So, this isn't the exact sofa we got, but it's very similar. We love it. It is coming in this pretty, warm brownish color that the company is calling topaz, and the fabric is super, super soft and feels really nice, plus, as the sales woman was explaining, is pretty hardy when it comes to stains (which I know is something we have to worry about with Lizzie). We also were able to get two free throw pillows in a really pretty floral pattern. While I'm all about making my own pillows, it's kind of nice to get two free throw pillows, especially in a fabric that I actually like.

Delivery won't be for another few weeks (4 to 6), but we're moving into the new house on Friday. We currently have those free metal chairs I wrote about some time ago sitting in the living room, so, for now, that's going to be our seating in that area. A little uncomfortable, but it'll be so worth it when the couch finally arrives, especially after futon use for the last three years. Ugh.

Friday, May 20, 2011


I'm back! Between graduation, the temporary loss of my powercord for my laptop, and a couple of busy days (including a job interview and a day of subbing at my old middle school), I just haven't had any time. Who knew the end of school would leave me with so little free time?

Anyway, we have a couple small developments with the house (which we're moving into in about a week!). First of all, and pictures, I promise, are coming soon, my dad has started to divide the top floor into two seperate rooms. The "bones" of the rooms are up and he and DOH have started putting in wallboard. Once that's done, I'll paint. And while I posted about the paint colors here, they've changed slightly. Here's what we're going with now:
Lettuce Be Green (California Paints)
Morning Mist (California Paints)
They're slightly lighter than the original colors. My mom convinced me to go lighter because the bedrooms are going to be on the small side and the other colors, while great, where going to be just too bright and therefore overwhelming.

So, with the bedroom paints officially picked, the next thing we needed to tackle was the downstairs room and wallpaper. The downstairs "room" is really one big, multi-use room. It's our kitchen, dining room, and living room (plus we have a family room/mancave in the basement). There is one section that is wallpapered (the dining area), while there are two other walls that are painted (the livingroom is a really catchy red, that I LOVE, while the kitchen walls are green. Here's what the dining area looks like:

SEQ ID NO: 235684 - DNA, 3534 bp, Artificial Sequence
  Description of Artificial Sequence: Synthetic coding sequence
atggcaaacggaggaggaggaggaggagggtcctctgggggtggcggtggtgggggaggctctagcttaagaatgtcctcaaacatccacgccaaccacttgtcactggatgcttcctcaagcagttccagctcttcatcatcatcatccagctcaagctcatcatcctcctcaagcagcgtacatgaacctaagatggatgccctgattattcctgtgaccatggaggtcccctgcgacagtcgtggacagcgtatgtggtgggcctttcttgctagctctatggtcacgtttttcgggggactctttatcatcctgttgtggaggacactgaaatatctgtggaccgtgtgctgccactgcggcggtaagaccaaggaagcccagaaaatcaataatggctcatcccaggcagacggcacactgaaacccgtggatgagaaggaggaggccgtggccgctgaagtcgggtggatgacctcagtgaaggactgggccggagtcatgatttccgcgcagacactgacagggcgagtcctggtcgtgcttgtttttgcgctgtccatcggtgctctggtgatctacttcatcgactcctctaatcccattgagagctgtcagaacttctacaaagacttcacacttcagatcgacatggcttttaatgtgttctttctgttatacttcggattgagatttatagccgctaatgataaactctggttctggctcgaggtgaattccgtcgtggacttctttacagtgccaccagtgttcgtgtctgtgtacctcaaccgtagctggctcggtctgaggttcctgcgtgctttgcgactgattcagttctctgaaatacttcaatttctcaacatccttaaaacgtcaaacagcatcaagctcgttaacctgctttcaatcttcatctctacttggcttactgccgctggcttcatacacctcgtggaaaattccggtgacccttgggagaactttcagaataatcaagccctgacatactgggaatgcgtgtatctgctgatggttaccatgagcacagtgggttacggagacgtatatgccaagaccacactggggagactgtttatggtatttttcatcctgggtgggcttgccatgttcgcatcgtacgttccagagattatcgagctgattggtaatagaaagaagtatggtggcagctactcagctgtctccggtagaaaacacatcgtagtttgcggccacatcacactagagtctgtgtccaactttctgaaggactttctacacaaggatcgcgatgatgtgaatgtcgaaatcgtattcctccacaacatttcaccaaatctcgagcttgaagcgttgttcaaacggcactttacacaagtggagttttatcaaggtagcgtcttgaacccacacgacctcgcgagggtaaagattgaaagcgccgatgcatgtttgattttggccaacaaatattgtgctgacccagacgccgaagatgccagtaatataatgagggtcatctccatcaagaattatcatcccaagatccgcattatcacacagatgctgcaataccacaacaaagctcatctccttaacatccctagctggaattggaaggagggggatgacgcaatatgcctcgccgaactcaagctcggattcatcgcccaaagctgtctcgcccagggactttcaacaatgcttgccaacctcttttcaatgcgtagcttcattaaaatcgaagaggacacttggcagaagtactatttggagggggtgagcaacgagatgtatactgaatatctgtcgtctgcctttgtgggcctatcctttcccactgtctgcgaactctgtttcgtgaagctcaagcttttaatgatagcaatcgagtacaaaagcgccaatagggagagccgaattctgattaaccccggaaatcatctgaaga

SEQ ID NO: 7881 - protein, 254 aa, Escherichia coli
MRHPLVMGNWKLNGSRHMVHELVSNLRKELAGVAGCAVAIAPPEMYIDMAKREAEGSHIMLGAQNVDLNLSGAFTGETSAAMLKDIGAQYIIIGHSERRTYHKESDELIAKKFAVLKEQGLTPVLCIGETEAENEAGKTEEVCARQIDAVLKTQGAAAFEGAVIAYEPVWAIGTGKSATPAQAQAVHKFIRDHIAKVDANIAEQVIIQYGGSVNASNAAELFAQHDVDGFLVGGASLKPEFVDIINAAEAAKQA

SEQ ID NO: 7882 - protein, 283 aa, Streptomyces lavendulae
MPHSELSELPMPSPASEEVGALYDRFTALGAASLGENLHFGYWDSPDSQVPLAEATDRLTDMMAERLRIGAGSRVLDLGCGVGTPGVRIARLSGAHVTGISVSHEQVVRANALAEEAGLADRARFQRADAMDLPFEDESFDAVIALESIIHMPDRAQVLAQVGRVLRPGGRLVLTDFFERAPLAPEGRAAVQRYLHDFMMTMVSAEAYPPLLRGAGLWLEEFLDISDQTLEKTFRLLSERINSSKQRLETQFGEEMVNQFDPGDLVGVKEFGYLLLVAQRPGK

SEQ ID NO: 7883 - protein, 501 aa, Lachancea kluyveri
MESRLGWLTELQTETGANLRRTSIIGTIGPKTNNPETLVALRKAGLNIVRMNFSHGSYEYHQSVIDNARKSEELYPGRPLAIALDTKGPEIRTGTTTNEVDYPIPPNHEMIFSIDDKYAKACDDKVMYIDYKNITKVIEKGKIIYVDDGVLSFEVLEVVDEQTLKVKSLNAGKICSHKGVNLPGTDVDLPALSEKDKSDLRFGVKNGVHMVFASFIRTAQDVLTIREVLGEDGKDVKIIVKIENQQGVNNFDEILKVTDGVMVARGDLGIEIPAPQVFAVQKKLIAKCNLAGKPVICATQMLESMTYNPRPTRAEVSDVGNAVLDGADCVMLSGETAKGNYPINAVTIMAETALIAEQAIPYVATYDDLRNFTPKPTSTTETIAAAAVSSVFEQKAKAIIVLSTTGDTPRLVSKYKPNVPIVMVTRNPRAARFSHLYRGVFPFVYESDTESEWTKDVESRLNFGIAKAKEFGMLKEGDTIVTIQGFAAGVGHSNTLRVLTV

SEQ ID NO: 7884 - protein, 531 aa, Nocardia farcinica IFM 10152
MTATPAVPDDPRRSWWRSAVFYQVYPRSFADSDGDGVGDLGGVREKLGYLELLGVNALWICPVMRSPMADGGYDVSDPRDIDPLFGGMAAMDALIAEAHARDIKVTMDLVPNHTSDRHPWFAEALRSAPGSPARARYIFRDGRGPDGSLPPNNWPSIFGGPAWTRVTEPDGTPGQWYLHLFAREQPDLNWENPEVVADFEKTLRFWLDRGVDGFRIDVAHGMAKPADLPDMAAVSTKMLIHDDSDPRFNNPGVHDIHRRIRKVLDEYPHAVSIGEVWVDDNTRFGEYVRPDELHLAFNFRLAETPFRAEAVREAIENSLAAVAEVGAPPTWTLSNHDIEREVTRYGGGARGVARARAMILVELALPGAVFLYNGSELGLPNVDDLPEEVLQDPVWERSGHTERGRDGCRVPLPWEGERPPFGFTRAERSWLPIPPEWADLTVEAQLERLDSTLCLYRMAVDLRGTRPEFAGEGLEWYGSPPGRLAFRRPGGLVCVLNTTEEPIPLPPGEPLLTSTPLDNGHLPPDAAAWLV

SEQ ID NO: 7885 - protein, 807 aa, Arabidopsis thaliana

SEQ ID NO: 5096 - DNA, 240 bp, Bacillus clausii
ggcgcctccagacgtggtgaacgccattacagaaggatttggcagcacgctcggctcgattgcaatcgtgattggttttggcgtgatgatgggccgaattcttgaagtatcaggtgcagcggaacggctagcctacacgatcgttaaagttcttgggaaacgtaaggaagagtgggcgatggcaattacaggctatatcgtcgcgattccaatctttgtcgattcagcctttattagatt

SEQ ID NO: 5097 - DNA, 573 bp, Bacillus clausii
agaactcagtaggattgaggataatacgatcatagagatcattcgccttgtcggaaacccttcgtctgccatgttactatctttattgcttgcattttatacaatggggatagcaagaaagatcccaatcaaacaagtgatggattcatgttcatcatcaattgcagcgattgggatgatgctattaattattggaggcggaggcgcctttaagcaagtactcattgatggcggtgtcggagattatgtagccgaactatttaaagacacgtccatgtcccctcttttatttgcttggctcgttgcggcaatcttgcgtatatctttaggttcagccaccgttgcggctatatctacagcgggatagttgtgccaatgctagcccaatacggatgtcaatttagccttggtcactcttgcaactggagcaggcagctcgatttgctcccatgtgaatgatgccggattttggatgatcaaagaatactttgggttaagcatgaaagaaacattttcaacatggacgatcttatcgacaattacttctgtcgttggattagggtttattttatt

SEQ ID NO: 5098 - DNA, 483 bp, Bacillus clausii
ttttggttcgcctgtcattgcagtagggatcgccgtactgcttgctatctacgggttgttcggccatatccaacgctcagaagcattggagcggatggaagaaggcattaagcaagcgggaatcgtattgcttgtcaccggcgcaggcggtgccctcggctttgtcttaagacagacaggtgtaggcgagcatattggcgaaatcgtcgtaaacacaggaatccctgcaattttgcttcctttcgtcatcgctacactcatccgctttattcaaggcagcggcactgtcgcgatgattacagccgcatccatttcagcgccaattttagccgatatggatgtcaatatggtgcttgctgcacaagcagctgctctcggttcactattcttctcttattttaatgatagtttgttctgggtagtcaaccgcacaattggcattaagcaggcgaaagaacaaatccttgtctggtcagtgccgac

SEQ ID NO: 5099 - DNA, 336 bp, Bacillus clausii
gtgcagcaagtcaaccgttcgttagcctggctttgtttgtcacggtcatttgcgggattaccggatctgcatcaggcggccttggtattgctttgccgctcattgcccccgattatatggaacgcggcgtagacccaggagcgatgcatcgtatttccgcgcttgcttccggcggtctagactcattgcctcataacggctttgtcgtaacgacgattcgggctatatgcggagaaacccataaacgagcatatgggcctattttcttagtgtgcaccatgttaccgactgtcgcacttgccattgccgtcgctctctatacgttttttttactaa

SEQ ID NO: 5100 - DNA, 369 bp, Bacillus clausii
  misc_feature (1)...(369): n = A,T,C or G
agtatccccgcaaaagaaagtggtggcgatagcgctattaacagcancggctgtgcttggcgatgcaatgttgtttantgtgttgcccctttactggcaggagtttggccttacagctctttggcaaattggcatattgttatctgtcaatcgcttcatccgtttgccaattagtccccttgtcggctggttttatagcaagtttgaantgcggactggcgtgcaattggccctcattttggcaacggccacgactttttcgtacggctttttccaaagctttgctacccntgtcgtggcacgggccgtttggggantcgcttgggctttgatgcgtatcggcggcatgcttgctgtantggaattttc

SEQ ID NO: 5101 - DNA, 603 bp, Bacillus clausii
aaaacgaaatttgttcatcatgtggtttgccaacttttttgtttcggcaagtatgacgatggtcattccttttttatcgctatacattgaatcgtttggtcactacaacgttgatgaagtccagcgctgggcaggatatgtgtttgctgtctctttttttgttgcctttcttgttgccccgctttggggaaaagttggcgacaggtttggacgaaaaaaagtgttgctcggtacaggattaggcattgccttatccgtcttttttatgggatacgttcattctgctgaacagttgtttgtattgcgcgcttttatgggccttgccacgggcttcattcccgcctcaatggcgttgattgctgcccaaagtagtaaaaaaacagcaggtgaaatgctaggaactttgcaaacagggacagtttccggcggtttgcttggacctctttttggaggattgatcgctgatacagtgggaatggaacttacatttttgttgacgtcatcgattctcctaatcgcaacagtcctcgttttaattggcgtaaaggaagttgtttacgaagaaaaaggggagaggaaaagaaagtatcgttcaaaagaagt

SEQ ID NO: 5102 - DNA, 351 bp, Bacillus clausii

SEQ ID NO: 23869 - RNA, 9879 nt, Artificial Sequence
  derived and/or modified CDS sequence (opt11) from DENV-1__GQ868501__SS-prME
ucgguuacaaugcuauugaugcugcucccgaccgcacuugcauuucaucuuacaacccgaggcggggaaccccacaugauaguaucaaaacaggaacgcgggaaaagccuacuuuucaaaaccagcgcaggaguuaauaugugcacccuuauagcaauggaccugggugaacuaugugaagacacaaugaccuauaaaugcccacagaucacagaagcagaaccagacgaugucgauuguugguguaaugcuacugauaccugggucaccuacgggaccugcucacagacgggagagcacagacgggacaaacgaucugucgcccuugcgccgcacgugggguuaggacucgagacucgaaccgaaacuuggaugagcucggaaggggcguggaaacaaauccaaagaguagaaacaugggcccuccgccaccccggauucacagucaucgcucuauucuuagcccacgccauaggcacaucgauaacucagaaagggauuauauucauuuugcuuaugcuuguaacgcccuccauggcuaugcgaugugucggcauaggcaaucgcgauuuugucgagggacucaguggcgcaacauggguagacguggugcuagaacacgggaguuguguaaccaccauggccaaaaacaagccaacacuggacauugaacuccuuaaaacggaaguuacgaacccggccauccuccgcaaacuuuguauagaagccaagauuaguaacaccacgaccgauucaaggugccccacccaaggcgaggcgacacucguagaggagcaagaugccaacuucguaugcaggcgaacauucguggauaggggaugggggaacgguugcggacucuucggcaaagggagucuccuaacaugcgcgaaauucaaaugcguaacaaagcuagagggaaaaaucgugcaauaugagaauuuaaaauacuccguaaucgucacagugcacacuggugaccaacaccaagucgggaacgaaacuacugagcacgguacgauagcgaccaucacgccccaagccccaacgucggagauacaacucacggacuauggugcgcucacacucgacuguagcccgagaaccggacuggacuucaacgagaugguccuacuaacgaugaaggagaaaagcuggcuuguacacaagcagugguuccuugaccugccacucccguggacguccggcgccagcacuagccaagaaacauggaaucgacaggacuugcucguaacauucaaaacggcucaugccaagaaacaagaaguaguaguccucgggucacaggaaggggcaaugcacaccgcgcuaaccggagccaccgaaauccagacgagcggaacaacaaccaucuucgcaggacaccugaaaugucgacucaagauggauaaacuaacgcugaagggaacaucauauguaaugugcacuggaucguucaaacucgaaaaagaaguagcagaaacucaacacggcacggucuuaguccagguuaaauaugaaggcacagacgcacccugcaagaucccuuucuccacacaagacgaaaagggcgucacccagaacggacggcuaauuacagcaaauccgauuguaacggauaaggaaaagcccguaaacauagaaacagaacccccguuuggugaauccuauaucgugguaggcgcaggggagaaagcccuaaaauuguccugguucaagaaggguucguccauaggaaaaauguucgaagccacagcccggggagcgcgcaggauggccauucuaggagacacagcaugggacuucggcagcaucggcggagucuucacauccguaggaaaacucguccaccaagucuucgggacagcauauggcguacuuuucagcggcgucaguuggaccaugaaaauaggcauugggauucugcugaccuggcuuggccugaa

I know it's hard to see the wallpaper clearly (it's a sort of leafy, grapey, green/yellow color scheme), but I think that maybe you can tell it's not so hot. (Also note, the furniture is not ours. This picture was taken before the owners moved their stuff out. Also, also note, the incredibly horrible railing--if you can call it that--on the stairs is currently being replaced with one that Lizzie won't fall through.) Frankly, I hate the wallpaper. It's the one detail in the whole house that makes me cringe. I feel like it belongs as a print on an elderly lady's moomoo. Not attractive on anyone or anything, especially my walls.

So, the search for new wallpaper began. Initially I figured we'd go sort of arts and crafts/folk artsy, since that is the general vibe of the house. I grabbed a whole library's worth of wallpaper books from our local interior decorating store, flipped through the books, and marked a whole bunch of stuff. Then DOH stepped into the picture.